If your child has ADHD, you have probably experienced the temper tantrums, chaos, impulsive behavior and frustration that are symptomatic of the disorder. Parenting children with ADHD can be both challenging and exasperating. The challenge is to help your child stay focused, get organized, and feel competent at home and in the classroom. The exasperation sets in when you realize that coping with ADHD is difficult, and that your patience will be tested daily as you try to help your child accomplish those goals.
An Outsiders’ Perspective…
ADHD can be puzzling to the uninformed onlooker. Your child looks “normal.” He doesn’t have an obvious physical impairment, or recognizable disability. He speaks, sees, hears, runs, plays, jumps, and interacts with others. ADHD presents itself through objectionable or inappropriate conduct. Children with ADHD have problems with self-control, impulsivity, and the inability to remain focused, which can lead to ongoing difficulties at home, in school and in social settings.
When your child has a meltdown in the grocery store, invades someone else’s space in a doctor’s office, or chatters incessantly as he kicks the seat in front of him in a movie theater, you train yourself not to make eye contact the person glaring at you, wondering why you don’t do something to rein in his behavior. What they don’t understand is that it isn’t as easy as it seems.
ADHD Signs and Symptoms
Identifying true ADHD symptoms in children can be problematic for parents who may think their child is merely more active or high strung than other children. Since every child is different, and some are more active, moodier or more impulsive than others, symptoms are often perceived as normal “kid behavior”. There are some factors to consider when assessing your child and determining whether a health professional should be consulted.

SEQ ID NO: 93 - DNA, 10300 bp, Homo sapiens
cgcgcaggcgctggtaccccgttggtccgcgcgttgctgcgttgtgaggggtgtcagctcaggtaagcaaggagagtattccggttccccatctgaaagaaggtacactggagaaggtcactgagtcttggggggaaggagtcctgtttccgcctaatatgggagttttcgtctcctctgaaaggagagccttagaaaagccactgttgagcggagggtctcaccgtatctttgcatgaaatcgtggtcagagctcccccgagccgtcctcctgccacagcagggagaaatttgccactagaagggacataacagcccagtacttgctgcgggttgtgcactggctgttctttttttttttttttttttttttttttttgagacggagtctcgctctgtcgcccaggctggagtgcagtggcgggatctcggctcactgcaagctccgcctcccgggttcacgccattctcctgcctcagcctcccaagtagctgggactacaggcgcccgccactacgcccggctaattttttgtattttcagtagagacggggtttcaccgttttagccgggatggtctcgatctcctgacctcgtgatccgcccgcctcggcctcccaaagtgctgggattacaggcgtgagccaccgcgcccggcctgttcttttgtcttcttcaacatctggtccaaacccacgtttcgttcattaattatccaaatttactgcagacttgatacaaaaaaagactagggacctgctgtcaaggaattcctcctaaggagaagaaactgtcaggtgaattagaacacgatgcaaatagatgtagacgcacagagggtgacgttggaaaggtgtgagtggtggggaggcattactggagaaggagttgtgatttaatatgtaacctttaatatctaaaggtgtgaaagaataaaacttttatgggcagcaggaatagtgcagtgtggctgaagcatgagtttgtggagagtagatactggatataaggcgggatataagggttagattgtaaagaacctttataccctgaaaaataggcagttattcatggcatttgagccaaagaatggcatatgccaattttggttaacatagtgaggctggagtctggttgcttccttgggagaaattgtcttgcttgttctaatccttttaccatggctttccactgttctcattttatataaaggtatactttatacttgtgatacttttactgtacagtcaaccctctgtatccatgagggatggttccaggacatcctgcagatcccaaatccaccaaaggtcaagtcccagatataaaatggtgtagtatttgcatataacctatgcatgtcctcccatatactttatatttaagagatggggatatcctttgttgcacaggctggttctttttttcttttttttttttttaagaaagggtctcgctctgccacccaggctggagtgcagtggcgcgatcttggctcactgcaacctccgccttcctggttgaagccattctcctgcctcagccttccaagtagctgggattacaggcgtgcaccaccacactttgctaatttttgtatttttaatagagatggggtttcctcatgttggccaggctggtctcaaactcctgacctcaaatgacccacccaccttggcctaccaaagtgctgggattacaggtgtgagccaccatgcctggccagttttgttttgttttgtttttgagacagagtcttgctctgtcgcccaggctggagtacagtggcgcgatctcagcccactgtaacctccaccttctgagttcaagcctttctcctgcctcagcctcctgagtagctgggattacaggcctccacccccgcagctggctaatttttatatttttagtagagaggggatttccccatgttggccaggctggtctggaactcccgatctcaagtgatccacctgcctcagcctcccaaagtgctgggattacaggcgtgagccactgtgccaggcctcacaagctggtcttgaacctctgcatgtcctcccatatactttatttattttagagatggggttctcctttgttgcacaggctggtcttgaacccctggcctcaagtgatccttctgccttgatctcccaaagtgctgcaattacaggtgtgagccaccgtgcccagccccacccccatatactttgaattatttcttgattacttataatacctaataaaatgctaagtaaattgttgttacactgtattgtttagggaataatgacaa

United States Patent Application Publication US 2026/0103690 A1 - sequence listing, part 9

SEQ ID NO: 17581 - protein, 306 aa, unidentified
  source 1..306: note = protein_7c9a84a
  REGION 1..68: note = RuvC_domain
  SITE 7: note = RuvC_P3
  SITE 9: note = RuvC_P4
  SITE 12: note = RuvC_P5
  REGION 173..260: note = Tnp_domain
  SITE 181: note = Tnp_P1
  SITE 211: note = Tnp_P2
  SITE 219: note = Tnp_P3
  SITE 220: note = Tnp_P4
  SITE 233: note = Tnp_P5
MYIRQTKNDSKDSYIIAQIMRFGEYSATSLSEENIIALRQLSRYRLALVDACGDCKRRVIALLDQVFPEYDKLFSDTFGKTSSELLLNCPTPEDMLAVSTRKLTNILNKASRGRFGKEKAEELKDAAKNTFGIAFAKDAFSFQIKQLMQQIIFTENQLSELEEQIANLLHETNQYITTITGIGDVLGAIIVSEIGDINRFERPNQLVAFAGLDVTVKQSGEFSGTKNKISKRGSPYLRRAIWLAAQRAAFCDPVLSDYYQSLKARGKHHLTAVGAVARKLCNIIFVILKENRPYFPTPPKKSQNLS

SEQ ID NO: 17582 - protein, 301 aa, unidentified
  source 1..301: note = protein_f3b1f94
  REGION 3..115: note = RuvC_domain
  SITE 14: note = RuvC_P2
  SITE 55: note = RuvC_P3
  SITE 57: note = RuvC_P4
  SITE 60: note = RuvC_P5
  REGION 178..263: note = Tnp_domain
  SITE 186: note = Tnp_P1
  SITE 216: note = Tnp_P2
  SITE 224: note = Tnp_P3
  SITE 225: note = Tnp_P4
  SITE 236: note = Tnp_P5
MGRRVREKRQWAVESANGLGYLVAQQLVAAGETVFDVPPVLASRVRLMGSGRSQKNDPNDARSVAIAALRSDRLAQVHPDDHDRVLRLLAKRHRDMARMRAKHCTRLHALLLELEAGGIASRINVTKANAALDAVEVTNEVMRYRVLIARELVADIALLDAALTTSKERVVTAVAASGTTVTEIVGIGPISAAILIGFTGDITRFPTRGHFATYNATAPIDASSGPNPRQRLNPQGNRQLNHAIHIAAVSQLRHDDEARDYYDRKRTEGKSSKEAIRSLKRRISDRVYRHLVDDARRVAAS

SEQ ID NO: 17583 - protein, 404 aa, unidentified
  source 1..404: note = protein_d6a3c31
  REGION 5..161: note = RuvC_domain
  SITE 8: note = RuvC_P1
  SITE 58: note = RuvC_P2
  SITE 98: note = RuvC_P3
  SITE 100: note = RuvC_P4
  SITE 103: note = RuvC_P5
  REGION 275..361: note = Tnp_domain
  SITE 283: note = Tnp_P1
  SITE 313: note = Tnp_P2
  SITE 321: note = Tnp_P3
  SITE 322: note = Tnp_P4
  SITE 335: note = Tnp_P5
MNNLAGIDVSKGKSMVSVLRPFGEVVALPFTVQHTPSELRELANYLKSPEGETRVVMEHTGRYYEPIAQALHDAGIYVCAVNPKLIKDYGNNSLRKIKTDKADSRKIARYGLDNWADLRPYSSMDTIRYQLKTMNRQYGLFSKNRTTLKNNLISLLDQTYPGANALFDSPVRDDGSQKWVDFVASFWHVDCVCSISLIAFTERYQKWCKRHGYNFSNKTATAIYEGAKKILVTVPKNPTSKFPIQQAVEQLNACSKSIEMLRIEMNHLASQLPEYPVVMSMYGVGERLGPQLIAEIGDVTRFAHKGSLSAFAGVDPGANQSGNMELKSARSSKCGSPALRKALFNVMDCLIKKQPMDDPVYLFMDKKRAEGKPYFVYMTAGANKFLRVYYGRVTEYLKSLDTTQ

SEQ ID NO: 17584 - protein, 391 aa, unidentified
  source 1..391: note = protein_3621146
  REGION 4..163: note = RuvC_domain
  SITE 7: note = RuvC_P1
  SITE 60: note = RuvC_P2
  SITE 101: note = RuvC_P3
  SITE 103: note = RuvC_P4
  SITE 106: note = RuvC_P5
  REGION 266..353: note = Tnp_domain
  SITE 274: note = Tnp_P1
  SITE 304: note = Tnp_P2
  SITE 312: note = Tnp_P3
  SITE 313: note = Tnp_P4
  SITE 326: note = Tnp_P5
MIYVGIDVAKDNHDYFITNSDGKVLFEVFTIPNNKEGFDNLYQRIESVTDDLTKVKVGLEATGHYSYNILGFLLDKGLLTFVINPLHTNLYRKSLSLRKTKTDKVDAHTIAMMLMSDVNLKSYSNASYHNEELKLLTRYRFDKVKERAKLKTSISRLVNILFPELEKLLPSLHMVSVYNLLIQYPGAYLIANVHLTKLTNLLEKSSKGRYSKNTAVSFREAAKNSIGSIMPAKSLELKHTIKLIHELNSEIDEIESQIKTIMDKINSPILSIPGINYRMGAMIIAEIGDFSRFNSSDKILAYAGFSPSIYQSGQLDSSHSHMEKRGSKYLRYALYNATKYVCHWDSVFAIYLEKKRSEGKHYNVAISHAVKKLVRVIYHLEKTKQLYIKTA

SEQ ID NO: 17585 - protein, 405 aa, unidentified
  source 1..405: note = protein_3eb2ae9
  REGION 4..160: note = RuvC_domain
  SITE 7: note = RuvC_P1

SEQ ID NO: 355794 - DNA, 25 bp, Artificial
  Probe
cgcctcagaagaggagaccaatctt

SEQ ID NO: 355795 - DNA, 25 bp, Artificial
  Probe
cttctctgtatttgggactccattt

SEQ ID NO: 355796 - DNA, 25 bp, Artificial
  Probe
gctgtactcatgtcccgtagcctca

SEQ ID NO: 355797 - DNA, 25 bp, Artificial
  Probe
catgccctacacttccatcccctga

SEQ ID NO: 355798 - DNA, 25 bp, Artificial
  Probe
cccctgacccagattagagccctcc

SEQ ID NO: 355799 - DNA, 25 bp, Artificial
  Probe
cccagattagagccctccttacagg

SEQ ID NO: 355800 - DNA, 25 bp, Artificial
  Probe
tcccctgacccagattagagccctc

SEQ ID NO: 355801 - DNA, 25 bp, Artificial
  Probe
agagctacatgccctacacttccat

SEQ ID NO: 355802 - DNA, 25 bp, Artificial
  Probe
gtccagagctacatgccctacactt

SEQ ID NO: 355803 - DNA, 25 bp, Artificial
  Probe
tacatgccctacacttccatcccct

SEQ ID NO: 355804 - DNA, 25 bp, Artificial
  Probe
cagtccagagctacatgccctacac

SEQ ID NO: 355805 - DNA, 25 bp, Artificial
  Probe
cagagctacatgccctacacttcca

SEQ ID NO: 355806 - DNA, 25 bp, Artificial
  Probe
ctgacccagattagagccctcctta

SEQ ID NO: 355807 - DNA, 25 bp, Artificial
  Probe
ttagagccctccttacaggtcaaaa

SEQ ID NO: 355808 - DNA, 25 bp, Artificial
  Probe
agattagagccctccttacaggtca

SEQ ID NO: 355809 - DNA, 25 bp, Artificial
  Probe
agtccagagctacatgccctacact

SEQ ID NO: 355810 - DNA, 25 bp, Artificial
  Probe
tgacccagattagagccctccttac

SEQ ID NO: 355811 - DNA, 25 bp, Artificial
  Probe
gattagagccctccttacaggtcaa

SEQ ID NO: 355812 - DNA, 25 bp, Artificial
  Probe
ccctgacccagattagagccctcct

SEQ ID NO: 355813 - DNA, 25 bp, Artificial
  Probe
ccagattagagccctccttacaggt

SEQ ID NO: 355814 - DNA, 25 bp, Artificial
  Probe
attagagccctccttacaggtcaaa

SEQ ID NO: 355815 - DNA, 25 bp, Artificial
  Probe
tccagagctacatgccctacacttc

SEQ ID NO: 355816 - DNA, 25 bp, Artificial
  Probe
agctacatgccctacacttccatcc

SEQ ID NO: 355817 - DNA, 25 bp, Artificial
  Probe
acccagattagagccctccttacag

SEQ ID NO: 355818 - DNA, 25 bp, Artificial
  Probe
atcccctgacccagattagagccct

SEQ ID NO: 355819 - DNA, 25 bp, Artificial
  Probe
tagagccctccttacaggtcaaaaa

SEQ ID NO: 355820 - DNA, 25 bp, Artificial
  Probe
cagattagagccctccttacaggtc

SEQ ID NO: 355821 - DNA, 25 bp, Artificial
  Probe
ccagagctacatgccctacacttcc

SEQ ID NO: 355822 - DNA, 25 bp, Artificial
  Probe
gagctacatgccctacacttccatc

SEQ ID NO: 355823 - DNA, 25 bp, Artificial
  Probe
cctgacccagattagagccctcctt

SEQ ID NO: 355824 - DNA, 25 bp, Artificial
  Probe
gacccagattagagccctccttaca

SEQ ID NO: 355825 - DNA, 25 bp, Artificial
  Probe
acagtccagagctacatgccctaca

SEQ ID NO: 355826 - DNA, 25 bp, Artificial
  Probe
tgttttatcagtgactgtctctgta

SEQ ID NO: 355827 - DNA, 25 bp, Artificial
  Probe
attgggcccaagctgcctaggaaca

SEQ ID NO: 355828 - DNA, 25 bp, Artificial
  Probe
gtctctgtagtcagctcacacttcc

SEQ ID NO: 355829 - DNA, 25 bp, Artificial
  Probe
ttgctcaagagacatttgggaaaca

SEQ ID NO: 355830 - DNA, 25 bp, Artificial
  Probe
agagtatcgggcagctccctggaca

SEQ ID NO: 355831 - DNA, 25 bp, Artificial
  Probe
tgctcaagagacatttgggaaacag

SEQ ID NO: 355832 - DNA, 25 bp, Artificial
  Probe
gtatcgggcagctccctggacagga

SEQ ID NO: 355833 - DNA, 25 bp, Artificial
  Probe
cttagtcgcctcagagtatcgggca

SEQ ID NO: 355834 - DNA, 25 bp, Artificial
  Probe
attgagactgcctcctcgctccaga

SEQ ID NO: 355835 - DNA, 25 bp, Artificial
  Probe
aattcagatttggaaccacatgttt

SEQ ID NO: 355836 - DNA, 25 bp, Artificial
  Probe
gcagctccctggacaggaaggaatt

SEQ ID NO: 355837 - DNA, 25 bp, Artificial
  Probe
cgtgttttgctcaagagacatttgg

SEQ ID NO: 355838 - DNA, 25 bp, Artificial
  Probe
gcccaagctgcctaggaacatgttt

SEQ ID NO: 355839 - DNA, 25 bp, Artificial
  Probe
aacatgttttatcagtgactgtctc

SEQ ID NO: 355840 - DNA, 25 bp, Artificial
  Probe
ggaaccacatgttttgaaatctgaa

If you notice a few symptoms every now and then, such as inattention to detail, daydreaming, lack of focus, fidgeting, or just being “hyper”, it’s probably not ADHD. When detecting ADHD symptoms in children, it is important to remember that ADHD symptoms will be consistent, ongoing, and will occur at home, in school, out in public or on the playground. In other words, children with ADHD cannot pick and choose when their symptoms occur, nor can they control the symptoms without intervention and support from parents, teachers and healthcare professionals.
Parenting children with ADHD requires knowledge about the disorder, and advice from a healthcare provider who specializes in treating children with ADHD. Coaching parents as they learn proper techniques for coping with ADHD is an imperative component when trying to teach kids something new and different. The following tips may help create a more harmonious atmosphere in your home, and help you eliminate some of the chaos connected with ADHD symptoms in children.
Organize, Organize, Organize!
Clutter creates chaos. Eliminate morning fiascos, homework frenzy, bath time bedlam, and bedtime meltdowns with a plan to get and stay organized. Your child will be thankful for your help.